731 Celcap

Lee (1988) reports that the Naval Civil Engineering Laboratory developed a cogeneration analysis computer program known as Civil Engineering Laboratory Cogeneration Program (CELCAP), "for the purpose of evaluating the performance of cogeneration systems on a lifecycle operating cost basis." He states that "selection of a cogeneration energy system for a specific application is a complex task." He points out that the first step in the selection of cogeneration system is to make a list of potential candidates. These candidates should include single or multiple combinations of the various types of engine available. The computer program does not specify CHP systems; these must be selected by the designer. Thus, depending on the training and previous experience of the designer, different designers may select different systems of different sizes. After selecting a short-list of candidates, modes of operations are defined for the candidates. So, if there are N candidates and M modes of operation, then NxM alternatives must be evaluated. Lee considers three modes of operation:

1) Prime movers operating at their full-rated capacity, any excess electricity is sold to the utility and any excess heat is rejected to the environment. Any electricity shortage is made up with imports. Process steam shortages are made-up by an auxiliary boiler.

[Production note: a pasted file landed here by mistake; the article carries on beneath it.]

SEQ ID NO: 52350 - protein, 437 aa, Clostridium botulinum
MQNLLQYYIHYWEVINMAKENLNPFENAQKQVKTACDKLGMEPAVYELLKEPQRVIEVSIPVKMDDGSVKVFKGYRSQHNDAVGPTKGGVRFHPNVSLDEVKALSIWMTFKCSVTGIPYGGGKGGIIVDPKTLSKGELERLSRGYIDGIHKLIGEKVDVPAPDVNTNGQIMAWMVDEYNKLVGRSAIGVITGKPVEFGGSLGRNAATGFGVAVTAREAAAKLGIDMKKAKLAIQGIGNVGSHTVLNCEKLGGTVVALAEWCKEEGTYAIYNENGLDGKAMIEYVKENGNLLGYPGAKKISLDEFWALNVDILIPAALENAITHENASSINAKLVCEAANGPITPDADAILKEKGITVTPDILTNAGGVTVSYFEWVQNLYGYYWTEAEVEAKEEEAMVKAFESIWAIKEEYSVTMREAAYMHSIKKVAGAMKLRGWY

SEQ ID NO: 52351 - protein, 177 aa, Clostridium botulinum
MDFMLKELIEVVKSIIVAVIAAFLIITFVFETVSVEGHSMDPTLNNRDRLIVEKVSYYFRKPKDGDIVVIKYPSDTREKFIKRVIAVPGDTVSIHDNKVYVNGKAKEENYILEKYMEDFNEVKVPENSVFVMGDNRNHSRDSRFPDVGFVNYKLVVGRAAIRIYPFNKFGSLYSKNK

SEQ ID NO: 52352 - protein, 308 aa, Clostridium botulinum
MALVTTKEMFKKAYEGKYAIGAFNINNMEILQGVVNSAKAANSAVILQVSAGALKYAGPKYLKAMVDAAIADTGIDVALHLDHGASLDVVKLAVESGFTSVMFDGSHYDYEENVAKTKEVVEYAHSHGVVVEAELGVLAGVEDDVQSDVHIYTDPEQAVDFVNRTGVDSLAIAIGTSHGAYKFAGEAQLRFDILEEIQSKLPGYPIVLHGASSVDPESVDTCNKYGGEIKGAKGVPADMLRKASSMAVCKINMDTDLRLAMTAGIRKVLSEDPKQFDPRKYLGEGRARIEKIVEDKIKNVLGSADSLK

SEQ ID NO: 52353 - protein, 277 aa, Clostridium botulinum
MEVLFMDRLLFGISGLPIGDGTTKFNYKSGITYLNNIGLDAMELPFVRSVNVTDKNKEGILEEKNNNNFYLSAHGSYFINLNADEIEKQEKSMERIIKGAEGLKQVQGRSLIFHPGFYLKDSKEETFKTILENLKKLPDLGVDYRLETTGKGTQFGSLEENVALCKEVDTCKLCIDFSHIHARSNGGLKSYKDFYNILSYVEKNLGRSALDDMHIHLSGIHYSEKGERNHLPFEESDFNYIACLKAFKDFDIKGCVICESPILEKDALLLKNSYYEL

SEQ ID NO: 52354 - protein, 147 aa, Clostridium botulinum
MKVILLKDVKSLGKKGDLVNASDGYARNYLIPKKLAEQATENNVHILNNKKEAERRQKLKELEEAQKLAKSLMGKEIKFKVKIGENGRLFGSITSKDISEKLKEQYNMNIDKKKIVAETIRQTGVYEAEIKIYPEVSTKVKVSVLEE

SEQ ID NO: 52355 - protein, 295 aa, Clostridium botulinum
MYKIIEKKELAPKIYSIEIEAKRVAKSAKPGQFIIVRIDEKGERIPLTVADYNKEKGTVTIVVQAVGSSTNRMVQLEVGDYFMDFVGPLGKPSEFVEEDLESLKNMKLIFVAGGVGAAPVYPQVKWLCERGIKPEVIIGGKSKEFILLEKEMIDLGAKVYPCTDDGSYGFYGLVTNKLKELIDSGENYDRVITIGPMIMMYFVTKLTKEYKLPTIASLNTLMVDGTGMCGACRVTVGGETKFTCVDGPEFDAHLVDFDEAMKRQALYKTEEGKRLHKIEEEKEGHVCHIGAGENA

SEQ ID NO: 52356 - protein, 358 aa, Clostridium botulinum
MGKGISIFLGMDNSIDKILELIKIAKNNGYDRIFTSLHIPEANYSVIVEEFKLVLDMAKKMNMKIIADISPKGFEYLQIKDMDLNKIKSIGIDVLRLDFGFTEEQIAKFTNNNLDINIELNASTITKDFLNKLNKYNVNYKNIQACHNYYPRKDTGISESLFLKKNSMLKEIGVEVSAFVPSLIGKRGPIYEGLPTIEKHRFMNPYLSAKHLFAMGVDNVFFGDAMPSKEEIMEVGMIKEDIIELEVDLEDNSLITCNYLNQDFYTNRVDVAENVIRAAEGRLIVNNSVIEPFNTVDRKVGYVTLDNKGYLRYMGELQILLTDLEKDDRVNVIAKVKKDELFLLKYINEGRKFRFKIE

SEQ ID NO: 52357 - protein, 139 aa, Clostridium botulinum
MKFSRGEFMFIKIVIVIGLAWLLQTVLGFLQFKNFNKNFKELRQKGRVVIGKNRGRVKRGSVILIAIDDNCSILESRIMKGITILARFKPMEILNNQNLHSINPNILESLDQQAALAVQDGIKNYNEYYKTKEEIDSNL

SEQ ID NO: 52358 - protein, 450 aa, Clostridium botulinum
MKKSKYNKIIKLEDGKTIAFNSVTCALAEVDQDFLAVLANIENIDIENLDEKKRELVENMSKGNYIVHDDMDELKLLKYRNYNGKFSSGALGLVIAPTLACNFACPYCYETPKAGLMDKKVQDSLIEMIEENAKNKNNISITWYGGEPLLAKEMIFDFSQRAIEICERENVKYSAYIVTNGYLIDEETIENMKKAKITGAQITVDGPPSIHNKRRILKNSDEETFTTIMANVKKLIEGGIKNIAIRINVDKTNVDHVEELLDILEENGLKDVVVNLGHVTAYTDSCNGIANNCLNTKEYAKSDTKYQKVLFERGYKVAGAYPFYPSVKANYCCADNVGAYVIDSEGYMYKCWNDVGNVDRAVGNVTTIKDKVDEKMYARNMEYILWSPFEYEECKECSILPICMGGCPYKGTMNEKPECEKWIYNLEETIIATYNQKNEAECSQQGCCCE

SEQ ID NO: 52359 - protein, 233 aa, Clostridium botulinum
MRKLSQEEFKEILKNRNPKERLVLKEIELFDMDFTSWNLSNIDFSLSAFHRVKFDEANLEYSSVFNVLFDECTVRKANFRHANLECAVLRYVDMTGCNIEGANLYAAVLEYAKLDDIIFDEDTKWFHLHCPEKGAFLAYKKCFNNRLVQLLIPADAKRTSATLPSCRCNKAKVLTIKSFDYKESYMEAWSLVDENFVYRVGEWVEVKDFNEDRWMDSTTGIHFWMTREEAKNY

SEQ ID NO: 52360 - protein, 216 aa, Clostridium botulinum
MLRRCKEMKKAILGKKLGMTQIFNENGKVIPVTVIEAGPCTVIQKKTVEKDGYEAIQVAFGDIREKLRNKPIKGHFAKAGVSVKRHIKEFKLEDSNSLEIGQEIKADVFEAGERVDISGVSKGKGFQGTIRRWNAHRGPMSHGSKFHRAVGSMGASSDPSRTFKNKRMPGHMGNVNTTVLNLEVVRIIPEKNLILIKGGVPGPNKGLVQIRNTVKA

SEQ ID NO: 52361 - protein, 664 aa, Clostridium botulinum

2) Prime movers are specified to always meet the entire electrical load of the user. Steam or heat demand is met by the prime mover. An auxiliary boiler is fired to meet any excess heat deficit and excess heat is rejected to the environment.

3) Prime movers are operated to just meet the steam or heat load. In this mode, power deficits are made up by purchased electricity. Similarly, any excess power is sold back to the utility.

For load analysis, Lee considers that "demand of the user is continuously changing. This requires that data on the electrical and thermal demands of the user be available for at least one year." He further states that "electrical and heat demands of a user vary during the year because of the changing working and weather conditions." However, for evaluation purposes, he assumes that the working conditions of the user-production related CHP load-remain constant and "that the energy-demand pattern does not change significantly from year to year." Thus, to consider working condition variations, Lee classifies the days of the year as working and non-working days. Then, he uses "average" monthly load profiles and "typical" 24-hour load profiles for each class.

"Average" load profiles are based on electric and steam consumption for an average weather condition at the site. A load profile is developed for each month, thus monthly weather and consumption data is required. A best fit of consumption (Btu/month or kWh/month) versus heating and cooling degree days is thus obtained. Then, actual hourly load profiles for working and non-working days for each month of the year are developed. The "best representative" profile is then chosen for the "typical working day" of the month. A similar procedure is done for the non-working days.

Next an energy balance or reconciliation is performed to make sure the consumption of the hourly load profiles agrees with the monthly energy usage. A multiplying factor K is defined to adjust load profiles that do not balance.


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